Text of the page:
Part Fifty-five

Trucos de montaje

Stripping Quills 2, The Sequel
By George E. Emanuel

Last week we talked about an easy method for stripping peacock feathers in order to obtain the bare quill we need for tying many of the great quill type flies.

If you are only tying one or six flies at a time that method may be the best for your needs. It is slow but your needs being small, it will work.

If you are like many of us however, you will use more than a few quills. A faster method of obtaining a good quantity of these stripped down beauties is in order. As usual we have just such a method for you to use.

This will take some cooperation from your significant other, but you can sneak it in while they are at the grocery store. You are going to need to borrow their kitchen sink, unless you are fortunate enough to have a laundry tub, which would be great.

You are going to need in addition to the sink, a small quantity of Clorox Bleach, and a small shallow pan in which to de-flu your peacock.

Put about " of the Clorox into the shallow pan. Holding your quill by the stem, submerse the eye and a good way down the shaft into the bleach, do not let go of the stem. (If you let go of the stem, you may go off and try to do something else while your eyes soak, do not do this, you will end up with a pan full of nothing if you walk away.)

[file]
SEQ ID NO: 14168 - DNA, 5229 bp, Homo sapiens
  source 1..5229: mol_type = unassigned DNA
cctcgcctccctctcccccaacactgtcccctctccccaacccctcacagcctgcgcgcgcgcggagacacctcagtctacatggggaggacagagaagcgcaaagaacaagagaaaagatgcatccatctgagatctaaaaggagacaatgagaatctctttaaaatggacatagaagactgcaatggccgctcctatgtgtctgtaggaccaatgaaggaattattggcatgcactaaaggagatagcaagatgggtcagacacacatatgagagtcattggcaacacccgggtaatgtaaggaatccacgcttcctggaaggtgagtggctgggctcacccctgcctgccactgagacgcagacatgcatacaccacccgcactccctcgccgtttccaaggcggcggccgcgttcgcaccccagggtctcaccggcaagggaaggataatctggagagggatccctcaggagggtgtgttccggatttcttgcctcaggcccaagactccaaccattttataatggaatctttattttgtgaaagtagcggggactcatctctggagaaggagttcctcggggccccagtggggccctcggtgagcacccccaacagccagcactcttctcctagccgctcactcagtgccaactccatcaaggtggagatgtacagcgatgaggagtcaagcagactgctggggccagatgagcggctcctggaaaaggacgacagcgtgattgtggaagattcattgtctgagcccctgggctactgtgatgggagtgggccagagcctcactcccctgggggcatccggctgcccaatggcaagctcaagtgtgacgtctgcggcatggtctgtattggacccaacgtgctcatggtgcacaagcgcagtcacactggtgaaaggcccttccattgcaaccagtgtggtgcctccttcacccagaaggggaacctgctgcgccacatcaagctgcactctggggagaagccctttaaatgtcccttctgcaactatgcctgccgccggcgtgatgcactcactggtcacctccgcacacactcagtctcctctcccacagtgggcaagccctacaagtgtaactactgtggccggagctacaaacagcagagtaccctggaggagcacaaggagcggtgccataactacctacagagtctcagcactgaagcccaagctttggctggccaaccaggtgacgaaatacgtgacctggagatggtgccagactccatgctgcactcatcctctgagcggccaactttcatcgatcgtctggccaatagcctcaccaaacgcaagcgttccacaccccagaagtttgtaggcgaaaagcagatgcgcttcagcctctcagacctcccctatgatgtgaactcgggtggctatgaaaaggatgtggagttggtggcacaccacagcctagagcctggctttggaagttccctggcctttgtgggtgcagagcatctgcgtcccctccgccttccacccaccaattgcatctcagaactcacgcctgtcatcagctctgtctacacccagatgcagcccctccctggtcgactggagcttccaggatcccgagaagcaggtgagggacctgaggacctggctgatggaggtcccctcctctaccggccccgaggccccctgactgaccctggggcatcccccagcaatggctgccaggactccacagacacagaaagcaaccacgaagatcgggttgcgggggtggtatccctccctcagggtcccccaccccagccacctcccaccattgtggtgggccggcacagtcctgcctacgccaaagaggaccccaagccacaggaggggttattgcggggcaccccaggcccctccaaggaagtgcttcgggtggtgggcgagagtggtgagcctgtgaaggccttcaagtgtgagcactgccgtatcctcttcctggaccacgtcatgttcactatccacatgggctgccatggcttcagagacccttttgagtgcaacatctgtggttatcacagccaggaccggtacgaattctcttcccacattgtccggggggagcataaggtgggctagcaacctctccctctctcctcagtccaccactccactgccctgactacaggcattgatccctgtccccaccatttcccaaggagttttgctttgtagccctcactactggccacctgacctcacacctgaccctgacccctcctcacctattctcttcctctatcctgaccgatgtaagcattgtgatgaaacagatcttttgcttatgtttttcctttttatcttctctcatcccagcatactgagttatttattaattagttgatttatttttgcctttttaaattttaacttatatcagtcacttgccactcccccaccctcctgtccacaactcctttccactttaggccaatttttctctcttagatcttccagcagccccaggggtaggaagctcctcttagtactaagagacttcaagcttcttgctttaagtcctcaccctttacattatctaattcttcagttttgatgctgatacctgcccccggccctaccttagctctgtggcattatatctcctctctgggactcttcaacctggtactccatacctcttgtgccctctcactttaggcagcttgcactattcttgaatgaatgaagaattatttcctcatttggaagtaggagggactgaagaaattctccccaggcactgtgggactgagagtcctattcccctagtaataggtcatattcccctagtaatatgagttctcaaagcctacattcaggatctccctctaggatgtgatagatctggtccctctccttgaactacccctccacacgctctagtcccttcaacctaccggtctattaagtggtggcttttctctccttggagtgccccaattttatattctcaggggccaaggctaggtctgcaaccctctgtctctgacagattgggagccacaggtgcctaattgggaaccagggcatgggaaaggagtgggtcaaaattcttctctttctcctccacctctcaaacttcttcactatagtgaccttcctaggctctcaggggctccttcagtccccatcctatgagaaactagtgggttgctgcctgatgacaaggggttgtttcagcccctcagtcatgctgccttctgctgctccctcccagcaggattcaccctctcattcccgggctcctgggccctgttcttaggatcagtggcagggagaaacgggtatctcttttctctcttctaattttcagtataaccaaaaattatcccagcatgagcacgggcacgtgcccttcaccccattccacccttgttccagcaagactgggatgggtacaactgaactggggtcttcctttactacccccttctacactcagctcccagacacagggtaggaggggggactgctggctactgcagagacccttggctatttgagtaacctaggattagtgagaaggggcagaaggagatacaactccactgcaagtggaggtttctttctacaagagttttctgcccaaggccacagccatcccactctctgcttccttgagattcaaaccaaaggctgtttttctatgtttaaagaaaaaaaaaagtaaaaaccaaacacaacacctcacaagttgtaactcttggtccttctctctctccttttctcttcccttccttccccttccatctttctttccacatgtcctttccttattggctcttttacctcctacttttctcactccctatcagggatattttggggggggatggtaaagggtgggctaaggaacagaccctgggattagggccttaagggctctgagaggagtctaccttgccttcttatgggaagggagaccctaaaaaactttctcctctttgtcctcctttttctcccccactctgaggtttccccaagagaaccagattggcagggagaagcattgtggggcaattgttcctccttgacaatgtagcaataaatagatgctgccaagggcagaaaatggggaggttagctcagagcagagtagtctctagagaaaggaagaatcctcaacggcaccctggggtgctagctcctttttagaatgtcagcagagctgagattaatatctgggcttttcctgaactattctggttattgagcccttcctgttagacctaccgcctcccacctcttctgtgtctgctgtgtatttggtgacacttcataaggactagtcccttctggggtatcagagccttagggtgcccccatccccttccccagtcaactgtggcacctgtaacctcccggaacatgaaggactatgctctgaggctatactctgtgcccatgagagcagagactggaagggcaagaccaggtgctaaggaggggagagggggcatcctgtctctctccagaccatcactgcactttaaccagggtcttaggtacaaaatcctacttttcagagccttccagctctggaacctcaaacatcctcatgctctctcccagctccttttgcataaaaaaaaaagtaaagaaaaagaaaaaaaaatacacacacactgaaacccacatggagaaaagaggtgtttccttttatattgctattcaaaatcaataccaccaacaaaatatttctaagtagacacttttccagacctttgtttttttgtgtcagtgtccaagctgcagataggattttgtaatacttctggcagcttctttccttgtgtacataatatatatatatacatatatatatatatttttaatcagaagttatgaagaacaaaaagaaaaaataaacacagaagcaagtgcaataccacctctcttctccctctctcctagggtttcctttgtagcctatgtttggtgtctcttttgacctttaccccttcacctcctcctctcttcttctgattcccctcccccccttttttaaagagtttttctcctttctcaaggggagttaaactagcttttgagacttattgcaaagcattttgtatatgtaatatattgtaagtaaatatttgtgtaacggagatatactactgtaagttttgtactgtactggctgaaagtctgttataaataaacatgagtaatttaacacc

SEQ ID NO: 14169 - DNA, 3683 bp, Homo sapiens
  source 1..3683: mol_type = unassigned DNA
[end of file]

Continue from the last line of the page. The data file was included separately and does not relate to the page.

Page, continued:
Agitate the quill with a gentle stirring like motion until you see the green streaks starting to form in the liquid. At this point, agitate for about another 30 seconds and remove the now naked quill from the Bleach and rinse it with generous quantities of water, to neutralize the bleach.

Lay the quill between a folded paper towel and pat the excess water off. Open the towel and let the quill air dry.

You can probably do several quills at once if you like, though it takes only a minute to do one, and the results might just be better that way.

If you do many of these, you can store them for future use or dying if you like, by placing them back into the plastic bag when they are dry. That way they will stay together and quite clean. You can if you like for even more protection, slip the entire quill into a plastic drinking straw before returning it to the envelope. (This is also a great way to store them for travel.)

If you have any tips or techniques, send them along, most of this material has been stolen from somebody, might as well steal your ideas too!~ George E. Emanuel (Chat Room Host Muddler)

Archive of Tying Tips

[ HOME ]

[ Search ] [ Contact FAOL ] [ Media Kit ] © Notice